Two researchers independently built the long format database for the analyses to ensure no data management inconsistences. First, we focused on analyzing the SBP longitudinal evolutions. To account for the correlations among the repeated measurements of each patient, we used linear mixed effects models (LMM). Initial descriptive analysis showed that patients experienced an immediate SBP drop after initiation of treatment (Fig. 2). To account for this feature in both the fixed and random effects parts of the LMM, we used natural cubic splines with internal knots placed at 0.25, 0.5, and 1.4 years, and boundary knots (in this case the upper knot) not to the maximum (i.e. the default) but to the 95th percentile of the time variable (0, 3.5 year) to capture the time evolutions. We used a diagonal covariance matrix for the random effects. The treatments effect was included in the fixed effects part both as main effects and interacting with the nonlinear time effect. Second, for the primary SPRINT outcome a Cox model was used in which again treatment was included as an explanatory variable. Finally, to explicitly capture the association between the serial SBP measurements of each patient and the hazard of the primary outcome, we utilized the framework of joint models for longitudinal and survival outcomes [14–17]. This framework combines the two aforementioned mixed effects and Cox models. In the specific joint model we used (cumulative joint model – cJM), we accounted for the cumulative exposure of SBP (that is the whole history of SBP values of each patient) to the hazard of the primary endpoint. Regarding treatment differences, the major advance of joint models versus the traditional Cox model is that they allow to disentangle the total treatment effect into two parts (Fig. 3); namely a direct effect of treatment to the hazard of the endpoint and an indirect effect of treatment via SBP. We also derived the total treatment effect from the cJM that accounts for differences in SBP values over time, and associated 95% confidence intervals (CIs) using bootstrapping (refer to Supplemental Appendix for additional information about cJM, http://links.lww.com/HJH/B41).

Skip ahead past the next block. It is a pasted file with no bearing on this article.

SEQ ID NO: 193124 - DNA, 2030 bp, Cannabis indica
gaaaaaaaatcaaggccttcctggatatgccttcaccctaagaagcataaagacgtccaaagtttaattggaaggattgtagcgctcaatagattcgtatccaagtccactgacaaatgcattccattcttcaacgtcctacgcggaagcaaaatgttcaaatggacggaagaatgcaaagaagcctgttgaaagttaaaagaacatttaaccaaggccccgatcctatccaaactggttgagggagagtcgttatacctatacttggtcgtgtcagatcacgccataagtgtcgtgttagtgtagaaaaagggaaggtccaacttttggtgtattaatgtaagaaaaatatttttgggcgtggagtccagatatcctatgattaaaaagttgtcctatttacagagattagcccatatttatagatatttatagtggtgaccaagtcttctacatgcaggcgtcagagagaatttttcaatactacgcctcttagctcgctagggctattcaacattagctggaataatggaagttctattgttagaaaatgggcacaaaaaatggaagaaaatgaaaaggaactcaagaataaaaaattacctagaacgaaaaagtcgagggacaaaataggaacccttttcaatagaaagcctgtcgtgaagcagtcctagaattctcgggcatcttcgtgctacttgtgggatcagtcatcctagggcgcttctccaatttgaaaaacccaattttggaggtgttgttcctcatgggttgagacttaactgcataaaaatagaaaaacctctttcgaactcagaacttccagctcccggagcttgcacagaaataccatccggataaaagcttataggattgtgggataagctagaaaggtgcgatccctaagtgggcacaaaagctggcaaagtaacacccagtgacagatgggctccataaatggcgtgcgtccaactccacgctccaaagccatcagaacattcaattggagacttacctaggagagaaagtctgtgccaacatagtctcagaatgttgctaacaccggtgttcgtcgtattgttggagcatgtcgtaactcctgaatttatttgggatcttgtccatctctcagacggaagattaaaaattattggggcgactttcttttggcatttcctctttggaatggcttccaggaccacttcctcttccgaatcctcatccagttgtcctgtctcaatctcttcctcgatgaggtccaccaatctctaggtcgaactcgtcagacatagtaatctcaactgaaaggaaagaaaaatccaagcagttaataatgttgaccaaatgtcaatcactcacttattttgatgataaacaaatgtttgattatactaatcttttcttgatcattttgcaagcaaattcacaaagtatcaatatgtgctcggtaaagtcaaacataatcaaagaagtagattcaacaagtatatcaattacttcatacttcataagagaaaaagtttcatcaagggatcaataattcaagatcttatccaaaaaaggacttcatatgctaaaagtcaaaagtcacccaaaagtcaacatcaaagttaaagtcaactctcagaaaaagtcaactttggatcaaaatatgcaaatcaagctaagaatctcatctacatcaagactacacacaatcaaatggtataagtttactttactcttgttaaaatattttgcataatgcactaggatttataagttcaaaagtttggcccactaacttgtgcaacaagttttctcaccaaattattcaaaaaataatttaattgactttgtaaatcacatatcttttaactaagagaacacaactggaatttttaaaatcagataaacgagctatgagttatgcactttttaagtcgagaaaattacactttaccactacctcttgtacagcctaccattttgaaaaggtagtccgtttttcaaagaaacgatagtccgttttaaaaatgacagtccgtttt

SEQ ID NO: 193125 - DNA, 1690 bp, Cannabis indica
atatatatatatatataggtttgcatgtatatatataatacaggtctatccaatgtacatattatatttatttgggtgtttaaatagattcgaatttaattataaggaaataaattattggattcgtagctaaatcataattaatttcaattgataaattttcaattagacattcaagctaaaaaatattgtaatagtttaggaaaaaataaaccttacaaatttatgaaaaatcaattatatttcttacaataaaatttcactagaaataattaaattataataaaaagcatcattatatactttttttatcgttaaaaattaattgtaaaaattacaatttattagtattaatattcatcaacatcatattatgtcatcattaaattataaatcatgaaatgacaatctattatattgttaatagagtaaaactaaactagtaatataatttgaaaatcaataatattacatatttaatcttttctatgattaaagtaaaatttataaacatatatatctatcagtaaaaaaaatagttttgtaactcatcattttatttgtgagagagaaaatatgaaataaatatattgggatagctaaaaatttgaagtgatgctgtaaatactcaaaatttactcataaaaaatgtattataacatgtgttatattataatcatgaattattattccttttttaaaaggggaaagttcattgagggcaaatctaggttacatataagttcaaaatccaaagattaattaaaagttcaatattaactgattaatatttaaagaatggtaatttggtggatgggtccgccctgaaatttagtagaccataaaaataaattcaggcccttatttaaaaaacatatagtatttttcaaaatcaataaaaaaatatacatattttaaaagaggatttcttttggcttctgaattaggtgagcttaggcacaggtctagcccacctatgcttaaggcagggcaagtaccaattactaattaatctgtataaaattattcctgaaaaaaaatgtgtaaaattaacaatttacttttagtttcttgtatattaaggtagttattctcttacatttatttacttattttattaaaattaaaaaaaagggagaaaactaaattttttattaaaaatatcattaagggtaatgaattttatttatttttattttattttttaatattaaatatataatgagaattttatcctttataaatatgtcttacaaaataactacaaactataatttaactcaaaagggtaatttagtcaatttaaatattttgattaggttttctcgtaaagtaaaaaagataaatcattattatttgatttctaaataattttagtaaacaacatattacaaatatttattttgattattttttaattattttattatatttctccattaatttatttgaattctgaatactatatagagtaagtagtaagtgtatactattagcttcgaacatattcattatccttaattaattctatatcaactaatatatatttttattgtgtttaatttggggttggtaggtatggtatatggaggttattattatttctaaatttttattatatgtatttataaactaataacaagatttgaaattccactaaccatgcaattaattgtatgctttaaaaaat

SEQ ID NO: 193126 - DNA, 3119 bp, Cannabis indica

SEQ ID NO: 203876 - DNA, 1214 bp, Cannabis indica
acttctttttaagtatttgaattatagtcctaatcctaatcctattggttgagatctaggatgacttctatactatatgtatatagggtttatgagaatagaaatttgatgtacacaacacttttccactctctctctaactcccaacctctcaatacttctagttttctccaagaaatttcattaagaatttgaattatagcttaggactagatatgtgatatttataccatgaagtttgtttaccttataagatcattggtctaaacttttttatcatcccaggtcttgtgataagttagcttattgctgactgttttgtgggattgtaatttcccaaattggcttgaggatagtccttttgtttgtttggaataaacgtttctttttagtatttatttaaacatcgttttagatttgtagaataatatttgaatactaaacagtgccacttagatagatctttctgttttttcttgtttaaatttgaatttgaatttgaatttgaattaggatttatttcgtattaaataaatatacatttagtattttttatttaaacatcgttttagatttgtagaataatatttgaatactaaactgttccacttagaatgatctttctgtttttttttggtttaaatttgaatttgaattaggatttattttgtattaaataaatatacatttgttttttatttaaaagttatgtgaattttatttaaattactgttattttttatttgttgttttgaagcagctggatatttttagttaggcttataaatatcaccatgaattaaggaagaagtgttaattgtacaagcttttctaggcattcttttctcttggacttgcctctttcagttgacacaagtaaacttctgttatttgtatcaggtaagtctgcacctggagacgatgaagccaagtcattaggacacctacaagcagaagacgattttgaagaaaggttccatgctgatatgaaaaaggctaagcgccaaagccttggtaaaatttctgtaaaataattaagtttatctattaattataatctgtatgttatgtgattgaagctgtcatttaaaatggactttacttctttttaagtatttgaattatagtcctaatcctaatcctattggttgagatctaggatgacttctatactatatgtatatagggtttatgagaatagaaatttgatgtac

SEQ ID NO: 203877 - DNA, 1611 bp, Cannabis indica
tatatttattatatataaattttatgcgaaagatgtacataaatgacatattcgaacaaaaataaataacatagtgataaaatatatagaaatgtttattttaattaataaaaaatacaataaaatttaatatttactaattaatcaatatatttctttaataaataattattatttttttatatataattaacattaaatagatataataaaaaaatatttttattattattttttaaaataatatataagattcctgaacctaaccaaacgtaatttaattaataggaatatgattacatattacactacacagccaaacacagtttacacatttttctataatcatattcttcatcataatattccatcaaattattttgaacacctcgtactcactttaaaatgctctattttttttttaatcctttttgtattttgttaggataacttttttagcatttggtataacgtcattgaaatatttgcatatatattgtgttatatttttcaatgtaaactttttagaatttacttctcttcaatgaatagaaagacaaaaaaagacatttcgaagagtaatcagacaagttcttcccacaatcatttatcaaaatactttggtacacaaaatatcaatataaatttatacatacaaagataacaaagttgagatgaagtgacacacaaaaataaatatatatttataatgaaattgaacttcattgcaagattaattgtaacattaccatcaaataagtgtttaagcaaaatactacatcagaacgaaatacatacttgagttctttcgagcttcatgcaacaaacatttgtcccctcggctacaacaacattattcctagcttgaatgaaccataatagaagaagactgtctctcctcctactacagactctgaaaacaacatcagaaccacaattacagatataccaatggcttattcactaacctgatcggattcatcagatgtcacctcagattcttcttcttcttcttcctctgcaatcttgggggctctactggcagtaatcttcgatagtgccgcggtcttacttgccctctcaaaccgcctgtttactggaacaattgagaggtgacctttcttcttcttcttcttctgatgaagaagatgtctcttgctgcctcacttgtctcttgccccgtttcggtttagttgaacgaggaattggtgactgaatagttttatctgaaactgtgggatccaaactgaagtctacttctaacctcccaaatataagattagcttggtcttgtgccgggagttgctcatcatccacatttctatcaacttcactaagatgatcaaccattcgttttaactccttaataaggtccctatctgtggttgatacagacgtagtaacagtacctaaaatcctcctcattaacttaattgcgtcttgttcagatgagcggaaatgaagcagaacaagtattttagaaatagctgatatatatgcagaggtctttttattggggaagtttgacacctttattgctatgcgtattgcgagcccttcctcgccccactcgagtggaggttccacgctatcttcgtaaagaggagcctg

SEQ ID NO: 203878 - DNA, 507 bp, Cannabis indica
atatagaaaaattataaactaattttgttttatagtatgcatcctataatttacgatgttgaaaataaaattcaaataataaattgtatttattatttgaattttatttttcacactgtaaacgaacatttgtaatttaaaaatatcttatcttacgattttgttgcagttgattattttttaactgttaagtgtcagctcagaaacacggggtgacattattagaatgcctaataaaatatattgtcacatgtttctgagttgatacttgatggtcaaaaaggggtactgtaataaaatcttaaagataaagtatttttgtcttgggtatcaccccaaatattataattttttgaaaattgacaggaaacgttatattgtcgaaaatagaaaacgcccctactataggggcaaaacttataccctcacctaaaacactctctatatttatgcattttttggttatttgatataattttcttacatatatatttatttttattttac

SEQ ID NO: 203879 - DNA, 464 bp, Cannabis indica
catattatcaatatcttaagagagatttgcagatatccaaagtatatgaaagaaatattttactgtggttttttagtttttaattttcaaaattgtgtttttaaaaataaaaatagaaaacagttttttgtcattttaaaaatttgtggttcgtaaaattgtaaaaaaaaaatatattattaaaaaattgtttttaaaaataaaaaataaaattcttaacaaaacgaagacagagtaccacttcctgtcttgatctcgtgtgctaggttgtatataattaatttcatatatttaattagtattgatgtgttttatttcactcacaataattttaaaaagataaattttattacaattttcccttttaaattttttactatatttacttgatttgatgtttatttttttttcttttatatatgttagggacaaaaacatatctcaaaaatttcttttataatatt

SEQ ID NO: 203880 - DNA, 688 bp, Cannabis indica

FIGURE 2